معنای ضمنی در خفا : استعاره های مخفی در توسعه محصول جدید و بازار سازی
|کد مقاله||سال انتشار||تعداد صفحات مقاله انگلیسی||ترجمه فارسی|
|2703||2006||11 صفحه PDF||سفارش دهید|
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Publisher : Elsevier - Science Direct (الزویر - ساینس دایرکت)
Journal : Business Horizons, Volume 49, Issue 6, November–December 2006, Pages 451–461
This article explores the role of metaphor in product development processes and market making. Based on a sociocognitive perspective of innovation dynamics and required learning by market actors, the potential of metaphors for mental model development during new product development (NPD) processes is investigated. Three roles for metaphors as cognitive focusing devices for the co-evolution of producers' and consumers' mental models are inferred: mental model communication, mental model matching, and mental model creation. These roles are illustrated by examples that reinforce the need for creativity in applying metaphors as cognitive focusing devices in NPD and market making.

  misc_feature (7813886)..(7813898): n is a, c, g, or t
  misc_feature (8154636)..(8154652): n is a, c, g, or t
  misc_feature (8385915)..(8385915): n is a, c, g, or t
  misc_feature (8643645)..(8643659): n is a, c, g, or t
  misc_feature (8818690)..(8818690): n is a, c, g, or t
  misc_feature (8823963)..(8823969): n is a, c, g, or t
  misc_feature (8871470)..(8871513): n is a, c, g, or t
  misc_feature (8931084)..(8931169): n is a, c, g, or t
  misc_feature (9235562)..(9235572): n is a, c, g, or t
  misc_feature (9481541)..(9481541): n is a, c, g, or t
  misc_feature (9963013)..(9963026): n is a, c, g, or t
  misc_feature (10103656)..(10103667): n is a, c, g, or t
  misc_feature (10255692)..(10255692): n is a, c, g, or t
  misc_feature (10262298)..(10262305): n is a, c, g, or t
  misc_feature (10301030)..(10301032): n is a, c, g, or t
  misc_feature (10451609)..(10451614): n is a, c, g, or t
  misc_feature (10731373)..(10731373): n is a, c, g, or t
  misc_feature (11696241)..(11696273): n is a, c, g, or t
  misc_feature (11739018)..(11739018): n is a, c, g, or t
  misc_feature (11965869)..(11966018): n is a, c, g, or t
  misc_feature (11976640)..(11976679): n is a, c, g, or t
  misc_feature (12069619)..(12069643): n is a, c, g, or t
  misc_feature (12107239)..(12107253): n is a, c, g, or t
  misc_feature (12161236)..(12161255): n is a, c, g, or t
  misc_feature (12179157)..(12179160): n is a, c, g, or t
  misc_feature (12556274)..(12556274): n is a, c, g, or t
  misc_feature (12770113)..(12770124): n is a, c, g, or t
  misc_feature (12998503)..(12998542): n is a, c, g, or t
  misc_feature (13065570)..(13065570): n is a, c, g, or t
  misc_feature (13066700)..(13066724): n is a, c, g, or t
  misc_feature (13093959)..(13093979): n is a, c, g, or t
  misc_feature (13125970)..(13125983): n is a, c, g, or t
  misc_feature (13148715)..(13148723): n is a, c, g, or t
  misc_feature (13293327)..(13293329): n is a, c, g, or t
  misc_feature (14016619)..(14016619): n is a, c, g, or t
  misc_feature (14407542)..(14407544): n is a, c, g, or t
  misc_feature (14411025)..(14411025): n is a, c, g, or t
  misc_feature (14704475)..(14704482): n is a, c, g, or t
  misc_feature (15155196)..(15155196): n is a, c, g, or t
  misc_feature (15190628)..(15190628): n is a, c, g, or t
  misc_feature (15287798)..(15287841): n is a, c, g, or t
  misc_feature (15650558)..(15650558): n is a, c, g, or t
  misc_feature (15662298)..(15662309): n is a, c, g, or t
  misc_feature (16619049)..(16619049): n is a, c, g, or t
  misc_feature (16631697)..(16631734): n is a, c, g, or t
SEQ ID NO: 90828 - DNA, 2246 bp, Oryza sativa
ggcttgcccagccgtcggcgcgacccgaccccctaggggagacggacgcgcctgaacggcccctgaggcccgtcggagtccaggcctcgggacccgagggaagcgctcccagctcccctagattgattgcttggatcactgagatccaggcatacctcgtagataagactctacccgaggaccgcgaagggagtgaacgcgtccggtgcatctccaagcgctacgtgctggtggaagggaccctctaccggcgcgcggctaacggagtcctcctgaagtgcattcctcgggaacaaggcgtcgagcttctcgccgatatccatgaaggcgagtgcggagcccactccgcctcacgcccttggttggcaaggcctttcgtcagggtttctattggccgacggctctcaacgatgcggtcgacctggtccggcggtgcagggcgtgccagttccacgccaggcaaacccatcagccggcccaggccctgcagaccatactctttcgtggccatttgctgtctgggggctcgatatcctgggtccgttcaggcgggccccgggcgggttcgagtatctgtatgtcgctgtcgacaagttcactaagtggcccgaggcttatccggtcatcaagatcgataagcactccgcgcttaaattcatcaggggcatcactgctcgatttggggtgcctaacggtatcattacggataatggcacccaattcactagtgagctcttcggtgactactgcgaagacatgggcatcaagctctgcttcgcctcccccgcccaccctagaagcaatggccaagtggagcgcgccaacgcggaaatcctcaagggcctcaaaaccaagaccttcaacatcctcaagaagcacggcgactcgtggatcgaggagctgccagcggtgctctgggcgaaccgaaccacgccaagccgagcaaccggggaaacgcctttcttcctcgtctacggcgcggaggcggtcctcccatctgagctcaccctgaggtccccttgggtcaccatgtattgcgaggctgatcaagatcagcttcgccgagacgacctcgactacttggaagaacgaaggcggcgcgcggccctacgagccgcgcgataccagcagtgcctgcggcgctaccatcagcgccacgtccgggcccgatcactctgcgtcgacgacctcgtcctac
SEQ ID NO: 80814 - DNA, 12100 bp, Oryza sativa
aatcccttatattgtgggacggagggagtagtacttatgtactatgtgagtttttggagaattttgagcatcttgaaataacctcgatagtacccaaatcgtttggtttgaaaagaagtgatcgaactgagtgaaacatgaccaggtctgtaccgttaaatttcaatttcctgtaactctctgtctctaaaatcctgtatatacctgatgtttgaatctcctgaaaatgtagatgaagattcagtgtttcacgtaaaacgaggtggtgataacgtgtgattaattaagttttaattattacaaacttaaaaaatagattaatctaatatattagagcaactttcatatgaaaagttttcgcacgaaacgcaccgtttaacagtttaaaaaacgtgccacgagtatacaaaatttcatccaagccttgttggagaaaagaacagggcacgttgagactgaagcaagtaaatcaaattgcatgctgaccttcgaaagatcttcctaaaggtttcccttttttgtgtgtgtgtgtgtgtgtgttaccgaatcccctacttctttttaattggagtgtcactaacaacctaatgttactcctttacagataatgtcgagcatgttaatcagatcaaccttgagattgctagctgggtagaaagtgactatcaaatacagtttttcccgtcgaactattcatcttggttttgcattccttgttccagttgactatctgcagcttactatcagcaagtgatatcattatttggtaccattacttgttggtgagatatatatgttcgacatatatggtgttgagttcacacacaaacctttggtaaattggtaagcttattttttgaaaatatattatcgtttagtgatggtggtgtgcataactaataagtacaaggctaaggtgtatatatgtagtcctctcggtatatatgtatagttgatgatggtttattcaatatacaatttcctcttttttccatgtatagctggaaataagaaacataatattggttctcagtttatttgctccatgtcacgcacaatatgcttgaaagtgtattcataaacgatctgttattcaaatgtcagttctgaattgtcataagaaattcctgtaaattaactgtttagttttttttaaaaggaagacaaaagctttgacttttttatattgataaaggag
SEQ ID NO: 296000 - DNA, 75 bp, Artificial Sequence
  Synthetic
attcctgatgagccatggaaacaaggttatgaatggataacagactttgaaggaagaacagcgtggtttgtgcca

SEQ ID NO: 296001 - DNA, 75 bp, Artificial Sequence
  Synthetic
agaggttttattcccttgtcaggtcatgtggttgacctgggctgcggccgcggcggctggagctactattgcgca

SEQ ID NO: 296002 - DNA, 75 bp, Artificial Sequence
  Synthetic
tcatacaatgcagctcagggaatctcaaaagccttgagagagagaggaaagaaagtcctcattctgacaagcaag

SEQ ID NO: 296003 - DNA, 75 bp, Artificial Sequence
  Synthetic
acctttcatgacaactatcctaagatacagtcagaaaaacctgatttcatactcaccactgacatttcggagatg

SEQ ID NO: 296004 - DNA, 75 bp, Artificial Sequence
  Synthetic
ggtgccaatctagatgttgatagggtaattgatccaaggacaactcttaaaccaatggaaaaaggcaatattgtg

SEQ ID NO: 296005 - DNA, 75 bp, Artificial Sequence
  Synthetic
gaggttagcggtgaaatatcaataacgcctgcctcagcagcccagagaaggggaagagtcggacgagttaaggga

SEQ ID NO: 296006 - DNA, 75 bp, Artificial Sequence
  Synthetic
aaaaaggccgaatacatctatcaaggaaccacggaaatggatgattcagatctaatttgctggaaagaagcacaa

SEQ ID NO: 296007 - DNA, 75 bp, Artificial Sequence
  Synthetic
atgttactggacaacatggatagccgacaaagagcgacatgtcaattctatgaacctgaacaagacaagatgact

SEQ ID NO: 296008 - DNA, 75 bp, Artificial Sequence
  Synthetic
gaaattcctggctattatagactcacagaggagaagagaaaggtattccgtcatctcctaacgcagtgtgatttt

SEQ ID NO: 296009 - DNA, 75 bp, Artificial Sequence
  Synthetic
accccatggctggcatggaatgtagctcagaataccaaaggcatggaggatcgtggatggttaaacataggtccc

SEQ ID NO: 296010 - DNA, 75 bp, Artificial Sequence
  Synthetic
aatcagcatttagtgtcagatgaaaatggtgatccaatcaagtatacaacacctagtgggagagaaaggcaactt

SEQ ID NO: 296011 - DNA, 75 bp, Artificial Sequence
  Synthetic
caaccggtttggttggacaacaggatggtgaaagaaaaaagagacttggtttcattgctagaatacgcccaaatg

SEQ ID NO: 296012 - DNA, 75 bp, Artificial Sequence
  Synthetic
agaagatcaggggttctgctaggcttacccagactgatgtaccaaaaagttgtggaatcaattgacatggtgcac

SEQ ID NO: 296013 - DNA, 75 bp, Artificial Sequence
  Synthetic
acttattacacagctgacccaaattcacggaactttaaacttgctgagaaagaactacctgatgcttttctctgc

Is there a business concept that can be more easily defined than ‘market’? Hardly. A market represents a geographical space enabling the transfer of products between producers and buyers. In economic terms, cross-price elasticity is applied as a test for defining the relevant market. Accordingly, the market-based view of strategy advises corporations to enter attractive markets, achieve attractive positioning, and then exploit their positioning by weakening cross-price elasticities ( Bain, 1968, Porter, 1980 and Porter, 1985). The underlying rational choice model of market transactions may be valid for mature markets; however, things are not so clear-cut regarding emerging markets. Deterministic market definitions fail when fundamental uncertainty forecloses individuals to optimize utility along established and stable preference functions, since they do not know what to optimize in the first place. This uncertainty imposes the need for interaction, discussion, and collective sense making. The sociocognitive perspective describes the mutually dependent formation of producers' and consumers' mental models during market evolution. Here, markets are not given but socially constructed. In the beginning of the formation of a market, producers may not know what products they should develop, while customers may not know what they can use these products for. This holds because there are no entrenched mental models regarding what new products are all about. Thus, functional details and design aspects may change frequently, addressing fast-moving and heterogeneous customer preferences until a dominant design finally emerges (Utterback, 1994). This process of market evolution requires continual and mutual consumer and producer learning. Besides producers' traditional conduct of research and development (learning by searching, as well as learning by unlearning). Durand (1993) describes three complementary forms of learning: producers' ‘learning by doing,’ consumers' ‘learning by using,’ and ‘learning by interacting’ as continuous feedback between producers and users. In sum, markets co-evolve with the sharing of product knowledge among market actors. Market narratives circulating between different market actors (e.g., manufacturers, customers, standard setting bodies, advertising agencies) act as catalysts for, as well as artifacts of, market evolution (Molotch, 2003). They are primary vehicles for the emergence of new, stable, and shared interpretations of product categories during processes of collective sense making (Rosa & Spanjol, 2005). Stories help market actors determine the value of new products, understand how to sell or use them, and understand how to position them relative to other products. Because of their potential to link disparate knowledge domains together, we posit that metaphors can be powerful cognitive focusing devices for market stories; metaphor acts as a device in a real or imagined discourse, shaping the mental structures of both producers and consumers. In this article, we explore the role of metaphor in NPD, as explained by the sociocognitive perspective of market dynamics and required learning by market actors. We first portray how metaphors can bring life to mental models. Building on both the sociocognitive view and the description of how metaphor works, we then infer three roles of metaphor during NPD and market making.